Kansas has some of the best potential in the country for wind energy, but it’s fallen from 11th to 14th

The state added 199 megawatts of capacity last year, giving it a total of 1,014 MW of wind turbines. But several states did far better, including Indiana, which in 2008 had a grand total of 131 megawatts. Last year it added 905 megawatts of wind power capacity, pulling it ahead of Kansas.

Iowa solidified its position of having the second-most capacity in the country, by adding 879 megawatts, for 3,670 MW total. Texas is first with 9,410 megawatts.

"It seems like there are some opportunities that are passing us by," said Maril Hazlett, associate director of the Climate and Energy Project, a nonprofit group in Kansas that promotes more use of renewable energy.

The rankings were compiled by the American Wind Energy Association, a trade group, which said that Kansas had reasons to be pleased, despite slipping in the ranking. The state surpassed 1,000 megawatts of capacity for the first time, and Siemens Energy Inc. decided to build a $50 million wind turbines factory in the state.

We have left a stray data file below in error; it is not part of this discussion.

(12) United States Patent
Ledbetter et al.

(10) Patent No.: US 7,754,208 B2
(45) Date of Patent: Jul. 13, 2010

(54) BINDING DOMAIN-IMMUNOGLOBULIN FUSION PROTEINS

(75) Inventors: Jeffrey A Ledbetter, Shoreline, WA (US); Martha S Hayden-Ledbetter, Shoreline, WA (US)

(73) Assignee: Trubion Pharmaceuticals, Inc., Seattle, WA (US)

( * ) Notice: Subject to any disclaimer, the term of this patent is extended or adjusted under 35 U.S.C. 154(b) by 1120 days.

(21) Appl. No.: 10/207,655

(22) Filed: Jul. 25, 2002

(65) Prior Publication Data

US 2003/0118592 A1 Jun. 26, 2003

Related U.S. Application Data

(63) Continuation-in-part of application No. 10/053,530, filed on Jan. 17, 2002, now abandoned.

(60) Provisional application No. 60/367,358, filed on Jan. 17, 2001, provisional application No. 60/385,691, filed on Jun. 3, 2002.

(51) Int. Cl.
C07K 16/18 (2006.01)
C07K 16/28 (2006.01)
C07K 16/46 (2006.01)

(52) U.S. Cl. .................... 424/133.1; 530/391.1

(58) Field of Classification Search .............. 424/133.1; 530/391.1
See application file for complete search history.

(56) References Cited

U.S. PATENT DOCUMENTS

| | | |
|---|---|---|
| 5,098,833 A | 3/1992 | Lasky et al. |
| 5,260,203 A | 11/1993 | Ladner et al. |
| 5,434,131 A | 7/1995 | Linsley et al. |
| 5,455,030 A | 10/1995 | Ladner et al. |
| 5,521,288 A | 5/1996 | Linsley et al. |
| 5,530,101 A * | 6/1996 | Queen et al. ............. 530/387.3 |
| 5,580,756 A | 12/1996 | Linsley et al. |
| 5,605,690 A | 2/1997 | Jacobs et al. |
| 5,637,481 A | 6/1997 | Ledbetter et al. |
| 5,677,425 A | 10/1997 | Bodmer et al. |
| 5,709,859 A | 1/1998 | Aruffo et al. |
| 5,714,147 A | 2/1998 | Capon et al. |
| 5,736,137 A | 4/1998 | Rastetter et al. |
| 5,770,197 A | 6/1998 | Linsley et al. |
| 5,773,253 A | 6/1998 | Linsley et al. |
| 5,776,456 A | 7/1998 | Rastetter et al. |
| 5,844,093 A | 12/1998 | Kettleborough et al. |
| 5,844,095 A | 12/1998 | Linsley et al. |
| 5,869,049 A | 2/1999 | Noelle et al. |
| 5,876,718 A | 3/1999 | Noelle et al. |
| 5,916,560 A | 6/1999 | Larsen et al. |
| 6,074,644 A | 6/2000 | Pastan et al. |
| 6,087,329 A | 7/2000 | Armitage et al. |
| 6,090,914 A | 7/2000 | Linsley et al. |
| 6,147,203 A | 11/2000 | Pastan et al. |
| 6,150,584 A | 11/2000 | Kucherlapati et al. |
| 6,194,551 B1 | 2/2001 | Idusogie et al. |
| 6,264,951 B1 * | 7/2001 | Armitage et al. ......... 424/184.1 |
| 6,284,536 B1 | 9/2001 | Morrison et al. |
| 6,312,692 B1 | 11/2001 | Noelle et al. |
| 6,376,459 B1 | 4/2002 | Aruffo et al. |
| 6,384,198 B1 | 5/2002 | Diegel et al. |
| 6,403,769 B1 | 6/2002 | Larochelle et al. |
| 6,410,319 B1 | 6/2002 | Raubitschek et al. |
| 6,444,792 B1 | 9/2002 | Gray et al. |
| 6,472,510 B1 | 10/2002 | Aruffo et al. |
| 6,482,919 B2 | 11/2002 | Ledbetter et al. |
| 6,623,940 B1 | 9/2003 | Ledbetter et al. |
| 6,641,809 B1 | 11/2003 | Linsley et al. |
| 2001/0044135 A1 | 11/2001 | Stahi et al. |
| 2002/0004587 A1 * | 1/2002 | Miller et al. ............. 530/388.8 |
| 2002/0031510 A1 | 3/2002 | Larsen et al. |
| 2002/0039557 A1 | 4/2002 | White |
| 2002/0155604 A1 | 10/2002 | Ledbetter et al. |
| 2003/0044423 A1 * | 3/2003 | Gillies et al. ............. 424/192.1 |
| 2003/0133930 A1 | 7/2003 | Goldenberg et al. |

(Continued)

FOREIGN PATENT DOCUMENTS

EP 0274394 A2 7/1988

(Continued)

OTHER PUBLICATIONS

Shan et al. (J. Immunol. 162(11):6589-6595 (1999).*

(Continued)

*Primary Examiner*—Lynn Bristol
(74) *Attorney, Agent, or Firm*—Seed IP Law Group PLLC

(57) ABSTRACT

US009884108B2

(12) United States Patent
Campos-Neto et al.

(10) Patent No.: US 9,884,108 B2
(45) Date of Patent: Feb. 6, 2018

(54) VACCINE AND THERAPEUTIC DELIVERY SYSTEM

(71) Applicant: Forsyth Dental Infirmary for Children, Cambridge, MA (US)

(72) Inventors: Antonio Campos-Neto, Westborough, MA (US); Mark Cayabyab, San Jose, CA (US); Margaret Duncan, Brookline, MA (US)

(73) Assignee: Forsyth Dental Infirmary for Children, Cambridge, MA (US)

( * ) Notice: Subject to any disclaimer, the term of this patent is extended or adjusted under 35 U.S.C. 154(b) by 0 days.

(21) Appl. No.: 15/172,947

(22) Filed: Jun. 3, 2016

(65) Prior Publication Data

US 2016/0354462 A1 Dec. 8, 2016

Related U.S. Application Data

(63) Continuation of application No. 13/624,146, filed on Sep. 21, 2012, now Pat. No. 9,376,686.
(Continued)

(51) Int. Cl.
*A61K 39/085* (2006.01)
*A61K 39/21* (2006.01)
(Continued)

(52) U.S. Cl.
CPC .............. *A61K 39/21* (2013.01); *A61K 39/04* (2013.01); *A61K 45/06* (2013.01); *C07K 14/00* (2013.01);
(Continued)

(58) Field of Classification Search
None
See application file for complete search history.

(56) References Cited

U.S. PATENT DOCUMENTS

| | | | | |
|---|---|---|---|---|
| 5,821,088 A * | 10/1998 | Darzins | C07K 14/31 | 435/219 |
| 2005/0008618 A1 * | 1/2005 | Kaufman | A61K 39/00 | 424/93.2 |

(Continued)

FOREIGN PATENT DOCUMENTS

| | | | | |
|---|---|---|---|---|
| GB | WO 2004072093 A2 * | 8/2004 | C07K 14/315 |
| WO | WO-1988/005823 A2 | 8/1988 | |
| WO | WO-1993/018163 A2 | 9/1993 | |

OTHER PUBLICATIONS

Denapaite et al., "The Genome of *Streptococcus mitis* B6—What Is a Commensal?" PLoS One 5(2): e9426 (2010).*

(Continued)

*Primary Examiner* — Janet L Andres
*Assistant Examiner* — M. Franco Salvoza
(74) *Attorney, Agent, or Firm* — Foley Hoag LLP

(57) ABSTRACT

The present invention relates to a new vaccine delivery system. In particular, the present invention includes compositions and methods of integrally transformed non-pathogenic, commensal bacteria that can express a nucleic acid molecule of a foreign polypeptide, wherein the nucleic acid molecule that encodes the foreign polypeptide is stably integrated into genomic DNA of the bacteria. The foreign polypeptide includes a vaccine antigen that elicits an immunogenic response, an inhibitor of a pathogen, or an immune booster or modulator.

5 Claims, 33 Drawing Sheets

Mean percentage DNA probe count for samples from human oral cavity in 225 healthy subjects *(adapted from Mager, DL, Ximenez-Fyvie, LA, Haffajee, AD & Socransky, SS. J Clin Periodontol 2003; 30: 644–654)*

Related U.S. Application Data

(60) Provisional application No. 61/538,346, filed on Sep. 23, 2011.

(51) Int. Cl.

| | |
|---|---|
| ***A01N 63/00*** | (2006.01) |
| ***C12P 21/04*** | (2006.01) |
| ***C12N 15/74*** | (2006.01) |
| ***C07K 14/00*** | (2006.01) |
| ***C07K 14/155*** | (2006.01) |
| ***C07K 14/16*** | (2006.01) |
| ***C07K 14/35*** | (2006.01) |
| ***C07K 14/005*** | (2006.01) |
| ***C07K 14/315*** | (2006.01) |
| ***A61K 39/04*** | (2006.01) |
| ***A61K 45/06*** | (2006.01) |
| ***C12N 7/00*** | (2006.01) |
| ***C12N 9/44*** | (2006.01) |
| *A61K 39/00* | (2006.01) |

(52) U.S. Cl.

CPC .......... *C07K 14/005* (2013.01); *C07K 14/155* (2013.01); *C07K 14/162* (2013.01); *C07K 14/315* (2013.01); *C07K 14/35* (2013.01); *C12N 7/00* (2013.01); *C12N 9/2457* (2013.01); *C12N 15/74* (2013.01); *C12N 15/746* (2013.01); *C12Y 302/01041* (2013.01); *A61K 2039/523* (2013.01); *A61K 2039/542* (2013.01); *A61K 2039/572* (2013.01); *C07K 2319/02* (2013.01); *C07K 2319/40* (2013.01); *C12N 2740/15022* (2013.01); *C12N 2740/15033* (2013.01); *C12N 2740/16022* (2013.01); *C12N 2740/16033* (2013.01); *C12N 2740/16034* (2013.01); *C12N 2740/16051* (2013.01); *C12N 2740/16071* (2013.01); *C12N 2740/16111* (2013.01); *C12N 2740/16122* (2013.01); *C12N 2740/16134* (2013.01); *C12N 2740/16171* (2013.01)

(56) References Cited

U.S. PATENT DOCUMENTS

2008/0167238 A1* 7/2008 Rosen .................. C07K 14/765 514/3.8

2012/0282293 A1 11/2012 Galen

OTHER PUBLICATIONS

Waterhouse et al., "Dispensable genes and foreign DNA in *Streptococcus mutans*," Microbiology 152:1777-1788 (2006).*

"All the pieces are there," said Elizabeth Salerno, director of industry data and analysis for the trade group.

But others in the industry said Kansas will have to export much of the wind farm it wants to generate, and that means upgraded transmission lines are needed.

A regional solution is still needed that will allow the wind power to be sent to states in the eastern U.S.

"We’re still somewhat bullish on Kansas, but we’re working hard on the transmission issue," said Geoffrey Coventry, senior vice president of operations for TradeWind Energy, a wind farm developer based in Lenexa.

Kansas City Power & Light plans to build about 300 megawatts of wind power for its Kansas and Missouri customers. At least a third of that would be in Kansas.

Westar Energy plans to have an additional 200 megawatts of wind power built as soon as 2011, but that could go into 2012 because improvements are needed just to transmit the power within the state.


By Steve Everly, www.kansascity.com